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In Python there is a built-in function called dir. This is used to get a list of all the attributes for an object.

I understand what it does, but I am confused about why it is called dir. How is this name related to getting the attributes from an object?

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It gives you a directory of all attributes of an object.

This is not a directory as used in file systems, but the standard usage: a listing of names or data.

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    I guess I can see this (and you are probably right), but it still strikes me as odd terminology. Plus, the Python docs don't mention this term anywhere. – TM. Dec 3 '09 at 19:50
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    @twneale of course they mention the dir function but they don't mention "directory" in any way related to it... the only instance of "directory" on that page is referring to an actual file system directory. – TM. Dec 3 '09 at 22:46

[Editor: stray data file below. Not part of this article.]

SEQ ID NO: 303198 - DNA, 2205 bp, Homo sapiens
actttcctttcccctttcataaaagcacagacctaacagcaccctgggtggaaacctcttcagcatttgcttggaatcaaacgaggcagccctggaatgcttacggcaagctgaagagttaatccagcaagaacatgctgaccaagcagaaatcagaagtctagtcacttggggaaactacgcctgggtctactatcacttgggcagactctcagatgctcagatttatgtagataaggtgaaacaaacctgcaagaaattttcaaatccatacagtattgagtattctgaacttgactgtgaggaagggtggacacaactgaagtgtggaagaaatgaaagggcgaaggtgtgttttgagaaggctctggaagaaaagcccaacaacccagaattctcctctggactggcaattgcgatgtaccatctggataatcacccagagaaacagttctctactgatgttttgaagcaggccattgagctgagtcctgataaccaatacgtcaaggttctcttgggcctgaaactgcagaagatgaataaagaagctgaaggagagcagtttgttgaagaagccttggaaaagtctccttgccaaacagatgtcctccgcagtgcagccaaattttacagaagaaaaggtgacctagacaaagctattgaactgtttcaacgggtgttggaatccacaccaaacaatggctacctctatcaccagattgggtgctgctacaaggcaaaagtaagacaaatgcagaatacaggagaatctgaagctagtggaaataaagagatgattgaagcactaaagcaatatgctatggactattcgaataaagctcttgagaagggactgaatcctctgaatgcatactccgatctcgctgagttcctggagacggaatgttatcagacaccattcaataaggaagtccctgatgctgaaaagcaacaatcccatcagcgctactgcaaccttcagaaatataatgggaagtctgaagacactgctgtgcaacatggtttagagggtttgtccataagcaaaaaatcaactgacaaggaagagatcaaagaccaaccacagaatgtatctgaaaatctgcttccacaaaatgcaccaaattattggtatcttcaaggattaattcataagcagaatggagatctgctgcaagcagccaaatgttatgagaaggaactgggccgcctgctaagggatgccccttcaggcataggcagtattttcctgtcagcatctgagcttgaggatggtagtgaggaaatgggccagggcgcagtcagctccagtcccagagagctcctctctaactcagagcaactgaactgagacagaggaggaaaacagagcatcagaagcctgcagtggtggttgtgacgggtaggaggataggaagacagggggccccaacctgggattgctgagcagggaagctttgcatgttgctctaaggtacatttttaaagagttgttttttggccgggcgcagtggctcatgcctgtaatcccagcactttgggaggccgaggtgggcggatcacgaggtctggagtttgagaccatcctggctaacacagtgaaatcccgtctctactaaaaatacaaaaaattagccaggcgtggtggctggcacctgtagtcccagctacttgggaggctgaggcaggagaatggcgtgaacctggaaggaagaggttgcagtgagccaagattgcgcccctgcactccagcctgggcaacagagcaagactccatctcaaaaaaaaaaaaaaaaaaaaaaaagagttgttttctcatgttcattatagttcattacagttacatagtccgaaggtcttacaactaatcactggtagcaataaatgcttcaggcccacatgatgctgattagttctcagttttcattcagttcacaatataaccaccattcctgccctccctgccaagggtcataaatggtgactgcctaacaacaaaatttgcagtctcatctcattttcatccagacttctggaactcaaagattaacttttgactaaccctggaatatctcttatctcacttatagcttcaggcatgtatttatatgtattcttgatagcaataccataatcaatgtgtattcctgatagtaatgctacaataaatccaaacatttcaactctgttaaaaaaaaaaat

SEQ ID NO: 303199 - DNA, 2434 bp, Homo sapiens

• Sorta like a phone directory – Vinay Nov 19 '16 at 6:53
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IIRC I named it after the DIR command in DOS.

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    I can't help but smile when the actual creator gives you a response. – PYB Jun 25 '19 at 12:45
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You're retrieving a "directory", a list of all of the stuff that's available in some resource.

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This answer will be most useful to those new to Python.

I am learning Python and just this morning was thinking about the builtin constants and functions that are available in the language.

I find it interesting that you only have to remember three things:

There is a 'special' builtin function dir().

There is a 'system variable' __builtins__.

dir(__builtins__) outputs a view of 'Python's builtin world'.

So what does dir mean? I've settled on this for now:

directions: supplies maps for traversing the Python Landscape.

See also:

dir(): Display a namespace's names

So if you want, you could also let dir stand for

display inside rubric

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